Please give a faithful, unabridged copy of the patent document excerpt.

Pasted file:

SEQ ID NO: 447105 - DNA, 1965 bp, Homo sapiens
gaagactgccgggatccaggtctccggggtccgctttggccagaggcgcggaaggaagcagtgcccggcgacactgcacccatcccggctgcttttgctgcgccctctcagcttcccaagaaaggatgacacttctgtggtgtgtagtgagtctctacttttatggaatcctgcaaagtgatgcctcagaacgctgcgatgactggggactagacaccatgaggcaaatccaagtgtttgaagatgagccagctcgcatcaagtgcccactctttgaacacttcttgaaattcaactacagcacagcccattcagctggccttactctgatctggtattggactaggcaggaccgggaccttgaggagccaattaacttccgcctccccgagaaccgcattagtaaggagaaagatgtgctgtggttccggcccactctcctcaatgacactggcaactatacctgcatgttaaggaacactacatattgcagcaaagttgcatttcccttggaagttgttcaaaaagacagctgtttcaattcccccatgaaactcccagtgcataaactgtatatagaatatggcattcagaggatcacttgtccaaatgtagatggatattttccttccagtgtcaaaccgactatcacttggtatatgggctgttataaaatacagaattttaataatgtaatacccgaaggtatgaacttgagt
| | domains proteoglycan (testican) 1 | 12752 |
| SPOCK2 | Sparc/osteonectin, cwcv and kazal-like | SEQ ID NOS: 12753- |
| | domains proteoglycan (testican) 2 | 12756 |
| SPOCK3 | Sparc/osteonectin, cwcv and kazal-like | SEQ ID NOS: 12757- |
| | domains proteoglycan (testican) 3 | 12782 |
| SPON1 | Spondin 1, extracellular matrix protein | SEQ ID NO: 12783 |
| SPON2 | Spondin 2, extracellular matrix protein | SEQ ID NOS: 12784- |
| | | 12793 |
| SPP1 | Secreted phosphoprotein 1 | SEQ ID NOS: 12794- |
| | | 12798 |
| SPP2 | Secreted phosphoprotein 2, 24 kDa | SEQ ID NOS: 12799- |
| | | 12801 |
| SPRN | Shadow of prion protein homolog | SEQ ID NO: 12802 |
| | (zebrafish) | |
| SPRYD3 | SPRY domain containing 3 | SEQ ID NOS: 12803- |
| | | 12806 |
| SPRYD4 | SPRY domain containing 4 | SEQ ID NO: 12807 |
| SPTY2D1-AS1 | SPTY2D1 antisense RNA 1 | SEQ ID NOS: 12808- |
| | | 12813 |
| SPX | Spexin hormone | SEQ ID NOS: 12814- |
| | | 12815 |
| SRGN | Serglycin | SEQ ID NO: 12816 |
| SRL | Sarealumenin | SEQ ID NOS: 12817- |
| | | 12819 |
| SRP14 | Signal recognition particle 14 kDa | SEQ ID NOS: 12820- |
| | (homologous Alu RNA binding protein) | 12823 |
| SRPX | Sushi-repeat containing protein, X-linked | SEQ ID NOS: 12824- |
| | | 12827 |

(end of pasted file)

SEQ ID NO: 447105 - DNA, 1965 bp, Homo sapiens
gaagactgccgggatccaggtctccggggtccgctttggccagaggcgcggaaggaagcagtgcccggcgacactgcacccatcccggctgcttttgctgcgccctctcagcttcccaagaaaggatgacacttctgtggtgtgtagtgagtctctacttttatggaatcctgcaaagtgatgcctcagaacgctgcgatgactggggactagacaccatgaggcaaatccaagtgtttgaagatgagccagctcgcatcaagtgcccactctttgaacacttcttgaaattcaactacagcacagcccattcagctggccttactctgatctggtattggactaggcaggaccgggaccttgaggagccaattaacttccgcctccccgagaaccgcattagtaaggagaaagatgtgctgtggttccggcccactctcctcaatgacactggcaactatacctgcatgttaaggaacactacatattgcagcaaagttgcatttcccttggaagttgttcaaaaagacagctgtttcaattcccccatgaaactcccagtgcataaactgtatatagaatatggcattcagaggatcacttgtccaaatgtagatggatattttccttccagtgtcaaaccgactatcacttggtatatgggctgttataaaatacagaattttaataatgtaatacccgaaggtatgaacttgagt
| | domains proteoglycan (testican) 1 | 12752 |
| SPOCK2 | Sparc/osteonectin, cwcv and kazal-like | SEQ ID NOS: 12753- |
| | domains proteoglycan (testican) 2 | 12756 |
| SPOCK3 | Sparc/osteonectin, cwcv and kazal-like | SEQ ID NOS: 12757- |
| | domains proteoglycan (testican) 3 | 12782 |
| SPON1 | Spondin 1, extracellular matrix protein | SEQ ID NO: 12783 |
| SPON2 | Spondin 2, extracellular matrix protein | SEQ ID NOS: 12784- |
| | | 12793 |
| SPP1 | Secreted phosphoprotein 1 | SEQ ID NOS: 12794- |
| | | 12798 |
| SPP2 | Secreted phosphoprotein 2, 24 kDa | SEQ ID NOS: 12799- |
| | | 12801 |
| SPRN | Shadow of prion protein homolog | SEQ ID NO: 12802 |
| | (zebrafish) | |
| SPRYD3 | SPRY domain containing 3 | SEQ ID NOS: 12803- |
| | | 12806 |
| SPRYD4 | SPRY domain containing 4 | SEQ ID NO: 12807 |
| SPTY2D1-AS1 | SPTY2D1 antisense RNA 1 | SEQ ID NOS: 12808- |
| | | 12813 |
| SPX | Spexin hormone | SEQ ID NOS: 12814- |
| | | 12815 |
| SRGN | Serglycin | SEQ ID NO: 12816 |
| SRL | Sarealumenin | SEQ ID NOS: 12817- |
| | | 12819 |
| SRP14 | Signal recognition particle 14 kDa | SEQ ID NOS: 12820- |
| | (homologous Alu RNA binding protein) | 12823 |
| SRPX | Sushi-repeat containing protein, X-linked | SEQ ID NOS: 12824- |
| | | 12827 |